HOUSE BILL REPORT
This analysis was prepared by non-partisan legislative staff for the use of legislative members in their deliberations. This analysis is not a part of the legislation nor does it constitute a statement of legislative intent.
As Reported by House Committee On:
Commerce & Gaming
Title: An act relating to establishing an on-premises retail alcohol license for a business at which customers participate in an art activity such as painting, pottery, or sculpting.
Brief Description: Establishing an on-premises retail alcohol license for a business at which customers participate in an art activity such as painting, pottery, or sculpting.
Sponsors: Representatives Eslick, Vick, Jenkin and Hargrove.
Commerce & Gaming: 1/22/18, 2/1/18 [DPS].
HOUSE COMMITTEE ON COMMERCE & GAMING
Majority Report: The substitute bill be substituted therefor and the substitute bill do pass. Signed by 8 members: Representatives Sawyer, Chair; Kloba, Vice Chair; Condotta, Ranking Minority Member; Vick, Assistant Ranking Minority Member; Blake, Jenkin, Kirby and Young.
Minority Report: Do not pass. Signed by 1 member: Representative Ryu.
Staff: Thamas Osborn (786-7129).
The Liquor and Cannabis Board (LCB) issues a wide variety of liquor licenses and license endorsements to commercial entities such as grocery stores, restaurants, taverns, and farmers markets. The LCB also issues a license known as a "snack bar license" authorizing the retail sale of beer in bottles or cans for consumption within the licensed premises. The license may only be issued to business establishments where the sale of beer is not the principal business activity. The LCB's administrative rules require that a snack bar licensee provide designated seating for the consumption of beer and that snack food such as peanuts, popcorn, and chips be made available to customers.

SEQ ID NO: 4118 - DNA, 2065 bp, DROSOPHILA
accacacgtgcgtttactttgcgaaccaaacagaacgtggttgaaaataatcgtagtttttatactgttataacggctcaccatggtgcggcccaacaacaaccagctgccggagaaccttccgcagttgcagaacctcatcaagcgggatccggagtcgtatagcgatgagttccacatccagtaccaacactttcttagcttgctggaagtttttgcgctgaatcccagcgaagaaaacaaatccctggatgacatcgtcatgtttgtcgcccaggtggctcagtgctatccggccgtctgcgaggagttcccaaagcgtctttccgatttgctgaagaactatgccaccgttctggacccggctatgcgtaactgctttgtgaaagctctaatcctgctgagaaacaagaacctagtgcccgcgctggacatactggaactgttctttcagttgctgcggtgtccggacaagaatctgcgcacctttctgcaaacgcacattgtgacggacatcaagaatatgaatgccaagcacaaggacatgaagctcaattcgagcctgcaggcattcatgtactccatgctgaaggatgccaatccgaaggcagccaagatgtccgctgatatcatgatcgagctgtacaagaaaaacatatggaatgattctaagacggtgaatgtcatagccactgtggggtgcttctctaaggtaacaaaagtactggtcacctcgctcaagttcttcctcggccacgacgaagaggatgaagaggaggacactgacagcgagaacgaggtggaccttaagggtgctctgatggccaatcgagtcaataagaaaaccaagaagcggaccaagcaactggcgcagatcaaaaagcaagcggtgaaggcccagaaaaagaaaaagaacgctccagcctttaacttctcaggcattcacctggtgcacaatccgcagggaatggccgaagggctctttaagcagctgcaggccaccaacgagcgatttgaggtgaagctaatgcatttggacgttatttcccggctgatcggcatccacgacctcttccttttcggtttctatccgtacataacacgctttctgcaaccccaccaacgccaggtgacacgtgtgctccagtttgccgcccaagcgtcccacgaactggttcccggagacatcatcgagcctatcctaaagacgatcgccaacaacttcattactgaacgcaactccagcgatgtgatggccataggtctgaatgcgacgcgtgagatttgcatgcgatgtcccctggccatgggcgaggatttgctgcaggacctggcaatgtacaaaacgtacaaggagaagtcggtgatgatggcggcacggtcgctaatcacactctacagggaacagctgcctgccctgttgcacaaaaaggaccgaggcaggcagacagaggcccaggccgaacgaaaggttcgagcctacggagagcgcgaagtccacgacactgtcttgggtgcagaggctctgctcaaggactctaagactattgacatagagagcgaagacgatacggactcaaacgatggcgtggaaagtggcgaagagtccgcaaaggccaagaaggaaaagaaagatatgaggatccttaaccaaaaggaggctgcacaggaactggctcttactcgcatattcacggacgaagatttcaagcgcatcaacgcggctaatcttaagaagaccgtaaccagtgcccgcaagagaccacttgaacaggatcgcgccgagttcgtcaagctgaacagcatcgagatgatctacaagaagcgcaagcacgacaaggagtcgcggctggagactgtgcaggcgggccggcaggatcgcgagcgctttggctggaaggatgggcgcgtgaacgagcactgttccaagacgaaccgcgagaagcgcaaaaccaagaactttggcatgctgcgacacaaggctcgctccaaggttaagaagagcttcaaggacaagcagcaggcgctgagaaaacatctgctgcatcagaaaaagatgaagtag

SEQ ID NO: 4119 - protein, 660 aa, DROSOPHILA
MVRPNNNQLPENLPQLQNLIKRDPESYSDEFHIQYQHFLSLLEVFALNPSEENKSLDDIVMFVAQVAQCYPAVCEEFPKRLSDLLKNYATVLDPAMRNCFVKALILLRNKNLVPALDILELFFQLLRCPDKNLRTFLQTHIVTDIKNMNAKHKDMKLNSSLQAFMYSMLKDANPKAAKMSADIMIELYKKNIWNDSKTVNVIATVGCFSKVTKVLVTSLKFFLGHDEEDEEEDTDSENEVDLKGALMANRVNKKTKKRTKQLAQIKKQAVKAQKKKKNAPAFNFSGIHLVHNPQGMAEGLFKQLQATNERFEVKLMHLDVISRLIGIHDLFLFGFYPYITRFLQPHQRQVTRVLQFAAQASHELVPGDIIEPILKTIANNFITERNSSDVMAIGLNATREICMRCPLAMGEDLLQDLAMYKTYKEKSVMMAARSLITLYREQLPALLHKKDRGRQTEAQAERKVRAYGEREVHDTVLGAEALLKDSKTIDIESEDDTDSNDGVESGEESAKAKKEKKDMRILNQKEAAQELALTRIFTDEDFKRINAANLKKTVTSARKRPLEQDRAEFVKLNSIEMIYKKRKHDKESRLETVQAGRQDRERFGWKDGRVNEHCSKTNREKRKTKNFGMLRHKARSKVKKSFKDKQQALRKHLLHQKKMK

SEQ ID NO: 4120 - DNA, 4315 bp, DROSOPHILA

Summary of Substitute Bill:
The act creates a new form of liquor license, designated as an art activity license, that may be issued to businesses involved in art instruction activities and meeting specified requirements. A qualifying licensee is authorized to provide beer and wine, free of charge and for on-premises consumption only, to participants in an art activity. Wine may be served only by the glass and beer may be served by the glass, bottle, or can. To qualify for the license a business must meet the following requirements:
the applicant must be a business whose primary purpose is providing instruction to customers who participate in an art activity such as painting, pottery, or sculpting;
wine and beer must be consumed in a designated seating area, which may include an area where an instructor leads group activities; and
customers may consume no more than one 6-ounce glass of wine or one 12-ounce glass of beer per day on the licensed premises.
Licensees are prohibited from engaging in the retail sale of beer or wine on the licensed premises.
The fee for an art activity license is $125 per year.
Substitute Bill Compared to Original Bill:
The substitute bill makes the following changes to the original bill:
adds a provision allowing a licensee to provide beer and wine, free of charge, to participants in an art activity;
requires the licensee to allow customers to consume no more than one 6-ounce glass of wine or one 12-ounce glass of beer per day on the licensed premises; and
prohibits the licensee from conducting retail sales of beer or wine to customers.
Fiscal Note: Available. New fiscal note requested on February 2, 2018.
Effective Date of Substitute Bill: The bill takes effect 90 days after adjournment of the session in which the bill is passed.
Staff Summary of Public Testimony:
(In support) An art instruction store asked for the creation of the license proposed in this bill. Such stores are forced to get a banquet license in order to sell liquor, and this is inconvenient and time-consuming. This bill will benefit small businesses involved in art instruction activities. Such stores have much more business if customers are provided with beer and wine, and Washington wineries benefit as well. The passage of this bill would serve to modernize our liquor laws by encompassing new activities at which beer and wine can be provided.
(Opposed) Law enforcement groups are opposed to this bill. Far too many bills are being passed that promote access to, and the use of, liquor products. This is a bad trend and sets a bad example for young people.
Persons Testifying: (In support) Representative Eslick, prime sponsor; Leslie Willmann, Junk Sisterhood; and Josh McDonald, Washington Wine Institute.
(Opposed) Seth Dawson, Washington Association for Substance Abuse Prevention.
Persons Signed In To Testify But Not Testifying: None.